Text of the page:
Anyone willing to accept that standard of living and the work it takes to maintain it, can indeed manage the "you're on your own, buddy" philosophy just fine. But anyone who wants to live well and comfortably will inevitably require help from society. This is the double-standard of the "you're on your own, buddy" philosophy.

The "we're all in this together" philosophy, however, explicitly recognizes - and celebrates - the interdependence of human beings. It explicitly recognizes and pursues the notion that by helping each other, everyone can be safer, more comfortable, and healthier. By promoting the overall social good, we can raise the tide for all of our boats, as it were. It recognizes that if you'd like to have help when you need it, then you must provide help to others when they need it.

This is not a new philosophy. It goes back, literally, to whatever precursors of Homo Sapiens made the jump from being solitary animals to being social, tribal primates.

Human beings are an undeniably social species. We are not like animals that live their lives alone, only coming together during mating season to find a quick one-night-stand to preserve the species, before going off alone again for another year.

Human beings live in societies for a reason: it's nicer, it's easier, and the results are better. The simple fact of our social natures shows our predisposition towards that shared-success philosophy.

Recent history gives us several examples of Americans' tendancy - regardless of party label - towards this compassionate philosophy as well.

When the tsunami struck Indonesia and India just before New Year's Day a couple of years ago, Americans donated millions and millions of dollars of their own money to help total strangers in far off parts of the world put their lives back together.

When Hurricane Katrina destroyed New Orleans, Americans generously donated over a billion dollars to aid agencies to help our cajun brothers and sisters get back on their feet.

That's real Americans - you and me types, the ones living paycheck to paycheck - who donated that money. That wasn't corporate America. That wasn't David Lesar, Halliburton's current CEO, or Rupert Murdoch, or any of a bunch of other "you're on your own" billionaires you could name. That was regular people. The paycheck-to-paycheck types. The ones who get it that we're all in this together.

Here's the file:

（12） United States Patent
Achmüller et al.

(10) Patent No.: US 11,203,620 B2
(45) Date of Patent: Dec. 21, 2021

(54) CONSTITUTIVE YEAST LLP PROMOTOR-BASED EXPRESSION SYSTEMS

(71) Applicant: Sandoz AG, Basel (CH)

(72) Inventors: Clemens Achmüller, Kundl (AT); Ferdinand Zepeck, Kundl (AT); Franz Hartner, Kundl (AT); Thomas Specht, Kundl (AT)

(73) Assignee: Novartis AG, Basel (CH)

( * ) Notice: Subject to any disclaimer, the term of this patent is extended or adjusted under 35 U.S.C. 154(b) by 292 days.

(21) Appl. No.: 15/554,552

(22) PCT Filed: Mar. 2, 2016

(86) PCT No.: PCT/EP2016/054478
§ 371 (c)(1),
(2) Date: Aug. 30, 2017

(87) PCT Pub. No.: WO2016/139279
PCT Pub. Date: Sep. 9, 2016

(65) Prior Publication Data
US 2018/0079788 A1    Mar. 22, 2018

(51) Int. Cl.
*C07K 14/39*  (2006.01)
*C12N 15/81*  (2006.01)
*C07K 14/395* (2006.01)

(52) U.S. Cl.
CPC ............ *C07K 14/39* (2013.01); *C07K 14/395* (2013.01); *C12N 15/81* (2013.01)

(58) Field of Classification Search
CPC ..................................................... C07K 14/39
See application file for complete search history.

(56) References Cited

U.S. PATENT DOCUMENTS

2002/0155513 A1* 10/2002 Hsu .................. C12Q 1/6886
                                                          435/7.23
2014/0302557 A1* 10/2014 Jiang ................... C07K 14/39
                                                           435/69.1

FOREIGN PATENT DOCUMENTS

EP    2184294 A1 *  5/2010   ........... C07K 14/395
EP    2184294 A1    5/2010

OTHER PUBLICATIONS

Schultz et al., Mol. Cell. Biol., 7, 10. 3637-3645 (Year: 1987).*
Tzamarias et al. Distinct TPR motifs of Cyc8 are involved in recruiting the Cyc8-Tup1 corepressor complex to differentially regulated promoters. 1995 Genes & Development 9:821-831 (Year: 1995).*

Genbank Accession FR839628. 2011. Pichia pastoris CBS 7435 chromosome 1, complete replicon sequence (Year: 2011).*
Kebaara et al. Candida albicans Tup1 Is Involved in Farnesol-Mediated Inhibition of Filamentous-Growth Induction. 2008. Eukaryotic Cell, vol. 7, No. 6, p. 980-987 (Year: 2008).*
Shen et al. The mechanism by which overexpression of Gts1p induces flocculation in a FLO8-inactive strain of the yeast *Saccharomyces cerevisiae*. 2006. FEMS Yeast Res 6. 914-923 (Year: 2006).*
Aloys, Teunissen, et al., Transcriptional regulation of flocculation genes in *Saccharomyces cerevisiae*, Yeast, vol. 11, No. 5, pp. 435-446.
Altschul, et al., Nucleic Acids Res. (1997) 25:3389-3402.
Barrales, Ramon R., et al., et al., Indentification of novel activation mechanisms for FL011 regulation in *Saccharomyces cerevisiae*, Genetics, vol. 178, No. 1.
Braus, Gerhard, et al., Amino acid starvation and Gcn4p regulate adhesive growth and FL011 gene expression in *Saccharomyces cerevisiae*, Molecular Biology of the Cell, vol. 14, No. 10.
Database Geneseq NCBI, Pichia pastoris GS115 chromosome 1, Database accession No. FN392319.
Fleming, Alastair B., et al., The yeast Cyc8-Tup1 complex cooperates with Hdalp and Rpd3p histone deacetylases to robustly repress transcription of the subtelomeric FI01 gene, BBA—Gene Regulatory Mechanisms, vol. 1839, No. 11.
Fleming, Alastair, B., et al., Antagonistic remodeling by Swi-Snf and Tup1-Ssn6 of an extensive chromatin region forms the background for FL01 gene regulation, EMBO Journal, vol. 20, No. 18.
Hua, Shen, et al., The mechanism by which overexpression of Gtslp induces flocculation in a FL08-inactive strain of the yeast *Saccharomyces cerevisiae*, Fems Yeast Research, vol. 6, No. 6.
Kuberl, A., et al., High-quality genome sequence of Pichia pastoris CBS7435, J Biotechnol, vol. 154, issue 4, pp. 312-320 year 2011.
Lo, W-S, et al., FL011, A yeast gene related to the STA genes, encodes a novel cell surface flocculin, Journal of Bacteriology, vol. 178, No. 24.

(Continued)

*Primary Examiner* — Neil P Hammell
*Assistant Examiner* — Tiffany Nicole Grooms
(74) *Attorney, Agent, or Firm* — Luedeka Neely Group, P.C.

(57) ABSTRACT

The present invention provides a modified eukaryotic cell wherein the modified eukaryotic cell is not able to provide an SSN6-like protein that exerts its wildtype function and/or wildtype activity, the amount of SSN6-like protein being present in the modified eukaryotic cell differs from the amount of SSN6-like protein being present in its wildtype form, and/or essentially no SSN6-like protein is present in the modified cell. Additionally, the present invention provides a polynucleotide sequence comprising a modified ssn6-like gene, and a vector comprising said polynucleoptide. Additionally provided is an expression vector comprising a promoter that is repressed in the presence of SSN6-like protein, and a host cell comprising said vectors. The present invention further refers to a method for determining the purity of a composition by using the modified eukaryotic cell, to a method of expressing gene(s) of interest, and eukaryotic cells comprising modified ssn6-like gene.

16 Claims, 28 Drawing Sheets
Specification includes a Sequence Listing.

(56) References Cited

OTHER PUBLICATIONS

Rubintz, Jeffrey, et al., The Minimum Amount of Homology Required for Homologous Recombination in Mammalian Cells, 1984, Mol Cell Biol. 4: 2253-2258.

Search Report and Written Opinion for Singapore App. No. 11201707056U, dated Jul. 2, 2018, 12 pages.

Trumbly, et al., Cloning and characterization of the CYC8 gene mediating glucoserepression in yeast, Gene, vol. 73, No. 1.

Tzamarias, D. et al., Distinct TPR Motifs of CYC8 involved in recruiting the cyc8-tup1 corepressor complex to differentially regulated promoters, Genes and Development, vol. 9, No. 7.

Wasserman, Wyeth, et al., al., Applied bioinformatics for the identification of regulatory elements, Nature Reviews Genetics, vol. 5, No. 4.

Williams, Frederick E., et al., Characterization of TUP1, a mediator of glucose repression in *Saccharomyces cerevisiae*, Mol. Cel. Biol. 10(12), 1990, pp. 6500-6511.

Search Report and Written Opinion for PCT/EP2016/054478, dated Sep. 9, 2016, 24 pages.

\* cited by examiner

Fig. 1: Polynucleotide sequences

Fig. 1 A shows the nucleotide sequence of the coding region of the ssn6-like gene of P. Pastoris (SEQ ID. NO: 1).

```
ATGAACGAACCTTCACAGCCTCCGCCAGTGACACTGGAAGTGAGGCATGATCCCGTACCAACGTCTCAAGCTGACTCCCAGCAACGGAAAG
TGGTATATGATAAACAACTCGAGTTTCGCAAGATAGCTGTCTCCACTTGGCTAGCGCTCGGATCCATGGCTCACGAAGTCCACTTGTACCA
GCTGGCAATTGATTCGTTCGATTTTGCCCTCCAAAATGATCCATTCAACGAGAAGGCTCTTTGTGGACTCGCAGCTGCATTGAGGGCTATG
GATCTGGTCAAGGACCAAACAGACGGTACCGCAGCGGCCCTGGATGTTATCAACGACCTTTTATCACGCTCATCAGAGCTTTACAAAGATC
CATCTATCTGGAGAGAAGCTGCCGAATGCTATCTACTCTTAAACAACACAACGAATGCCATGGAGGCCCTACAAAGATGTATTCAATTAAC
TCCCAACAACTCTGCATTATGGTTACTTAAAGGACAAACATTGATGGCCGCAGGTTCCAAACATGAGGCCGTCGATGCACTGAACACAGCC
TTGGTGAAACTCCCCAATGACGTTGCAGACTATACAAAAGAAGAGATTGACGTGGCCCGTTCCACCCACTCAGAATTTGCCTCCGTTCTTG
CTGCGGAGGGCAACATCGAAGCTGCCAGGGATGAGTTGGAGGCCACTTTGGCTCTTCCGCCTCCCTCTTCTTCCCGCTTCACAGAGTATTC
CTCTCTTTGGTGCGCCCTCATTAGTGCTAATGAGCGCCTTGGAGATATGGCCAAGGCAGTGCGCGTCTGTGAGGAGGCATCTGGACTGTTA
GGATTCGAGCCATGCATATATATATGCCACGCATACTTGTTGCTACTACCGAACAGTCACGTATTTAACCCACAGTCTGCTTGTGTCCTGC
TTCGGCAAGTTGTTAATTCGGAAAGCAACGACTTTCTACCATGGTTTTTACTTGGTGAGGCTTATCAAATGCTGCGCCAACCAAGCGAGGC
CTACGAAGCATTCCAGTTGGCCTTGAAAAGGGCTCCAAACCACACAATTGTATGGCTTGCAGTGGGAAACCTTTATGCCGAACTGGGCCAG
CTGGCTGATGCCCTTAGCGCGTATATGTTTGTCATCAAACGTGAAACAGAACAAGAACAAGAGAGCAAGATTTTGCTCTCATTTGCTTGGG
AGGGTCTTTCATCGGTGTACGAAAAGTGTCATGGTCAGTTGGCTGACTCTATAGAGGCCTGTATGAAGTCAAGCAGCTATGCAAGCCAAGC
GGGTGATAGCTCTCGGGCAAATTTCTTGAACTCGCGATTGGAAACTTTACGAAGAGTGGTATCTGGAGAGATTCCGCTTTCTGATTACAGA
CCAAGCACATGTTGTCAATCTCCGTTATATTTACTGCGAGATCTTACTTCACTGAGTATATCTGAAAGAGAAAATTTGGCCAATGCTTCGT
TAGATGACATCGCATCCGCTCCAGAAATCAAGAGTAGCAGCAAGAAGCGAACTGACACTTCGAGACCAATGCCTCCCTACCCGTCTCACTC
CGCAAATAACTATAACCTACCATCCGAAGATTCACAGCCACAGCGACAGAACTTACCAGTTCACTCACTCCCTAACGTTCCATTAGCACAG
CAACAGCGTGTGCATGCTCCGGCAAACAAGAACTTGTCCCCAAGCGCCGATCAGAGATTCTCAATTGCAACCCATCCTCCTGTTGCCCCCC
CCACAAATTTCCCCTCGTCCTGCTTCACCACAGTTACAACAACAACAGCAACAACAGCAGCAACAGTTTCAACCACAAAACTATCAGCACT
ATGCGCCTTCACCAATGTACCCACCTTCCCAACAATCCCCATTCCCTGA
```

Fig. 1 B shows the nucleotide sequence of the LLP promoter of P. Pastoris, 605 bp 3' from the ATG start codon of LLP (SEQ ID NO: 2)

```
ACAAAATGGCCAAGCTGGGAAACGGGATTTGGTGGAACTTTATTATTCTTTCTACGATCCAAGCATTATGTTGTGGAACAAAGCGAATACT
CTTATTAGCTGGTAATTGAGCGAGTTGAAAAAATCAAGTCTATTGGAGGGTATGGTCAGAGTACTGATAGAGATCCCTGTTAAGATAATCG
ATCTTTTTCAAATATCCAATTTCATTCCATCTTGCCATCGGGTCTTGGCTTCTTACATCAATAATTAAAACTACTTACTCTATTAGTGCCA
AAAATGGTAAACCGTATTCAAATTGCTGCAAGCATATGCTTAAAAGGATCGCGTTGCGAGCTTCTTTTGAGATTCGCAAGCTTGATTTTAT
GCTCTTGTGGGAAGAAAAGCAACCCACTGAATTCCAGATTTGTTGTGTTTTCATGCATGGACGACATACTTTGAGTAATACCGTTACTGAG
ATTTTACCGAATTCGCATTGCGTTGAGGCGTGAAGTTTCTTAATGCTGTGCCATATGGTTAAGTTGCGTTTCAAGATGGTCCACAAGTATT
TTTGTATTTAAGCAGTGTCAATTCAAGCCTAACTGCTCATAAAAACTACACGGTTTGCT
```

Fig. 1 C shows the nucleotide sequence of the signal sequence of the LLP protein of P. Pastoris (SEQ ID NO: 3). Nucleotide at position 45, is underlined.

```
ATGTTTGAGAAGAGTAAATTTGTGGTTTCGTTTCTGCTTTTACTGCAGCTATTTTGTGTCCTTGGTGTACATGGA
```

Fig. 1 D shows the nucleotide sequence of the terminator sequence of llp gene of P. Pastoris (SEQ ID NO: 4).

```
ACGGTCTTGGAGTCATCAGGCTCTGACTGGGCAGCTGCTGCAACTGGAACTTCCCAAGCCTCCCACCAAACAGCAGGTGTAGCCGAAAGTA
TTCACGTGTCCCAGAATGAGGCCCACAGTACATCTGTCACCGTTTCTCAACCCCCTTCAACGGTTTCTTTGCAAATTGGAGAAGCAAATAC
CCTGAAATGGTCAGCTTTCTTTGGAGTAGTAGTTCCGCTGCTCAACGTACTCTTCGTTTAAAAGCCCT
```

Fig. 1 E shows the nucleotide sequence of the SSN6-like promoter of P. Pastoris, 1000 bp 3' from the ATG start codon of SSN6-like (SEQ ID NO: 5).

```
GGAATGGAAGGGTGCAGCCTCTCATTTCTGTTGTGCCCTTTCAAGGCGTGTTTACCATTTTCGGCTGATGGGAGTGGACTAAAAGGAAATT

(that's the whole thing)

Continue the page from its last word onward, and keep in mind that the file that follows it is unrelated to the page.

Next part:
America is presently engaged in a heated debate about which of these philosopies our government should espouse. I think that the evidence, in the form of how real Americans behave when the chips are really down, makes the answer obvious. We are an "all in this together" people.

Unfortunately, the debate is almost never framed in those terms. The "you're on your own" crowd argues against government and against taxes - because it's a lot easier to argue against taking a chunk out of our paychecks than it is to argue against having a functioning society in which everyone benefits - while the all-together crowd argues for taxes - failing to frame the argument in terms of the functioning society those taxes go to support.

Arguing about taxes and the size of government is the wrong argument to be having: governments are nothing more than tools created by societies to advance their philosophies, and taxes are nothing more than the method the "we're all in this together" societies use for promoting the good of all.

When you cut taxes, you cut everything else. You cut society. You cut the ability for each of us, through the tool of our government, to support our fellow citizens. You cut the ability of the rest of society to help you when you need it.

When you cut taxes, you push everyone towards living in the go-it-alone mode, whether they like it or not. Arguments over how taxes should be assessed, how much the tax should be, and how the money should be spent are surface arguments that do not address the core question: what kind of people are we, and what kind of society do we want to live in.

We are, today, poised between these two diametrically dissimilar philosophies. In November, we will be asked once again to choose between them, in the form of little marks on ballots or careful taps on touch-screens.

The real lesson of Katrina, what that hurricaine showed us one year ago, was the consequences of making the wrong choice, of choosing against our own true natures. We know what kind of a nation we want to be.

When November comes around, it is up to each one of us to vote accordingly. To vote not on the basis of party label, but on the basis of these philosophies and which candidates' statements and records most closely align with the philosophy we happen to believe in.

If we make the right choice, we need fear no hurricaine, no earthquake, and no terrorist, because no matter what happens, we'll be there for each other.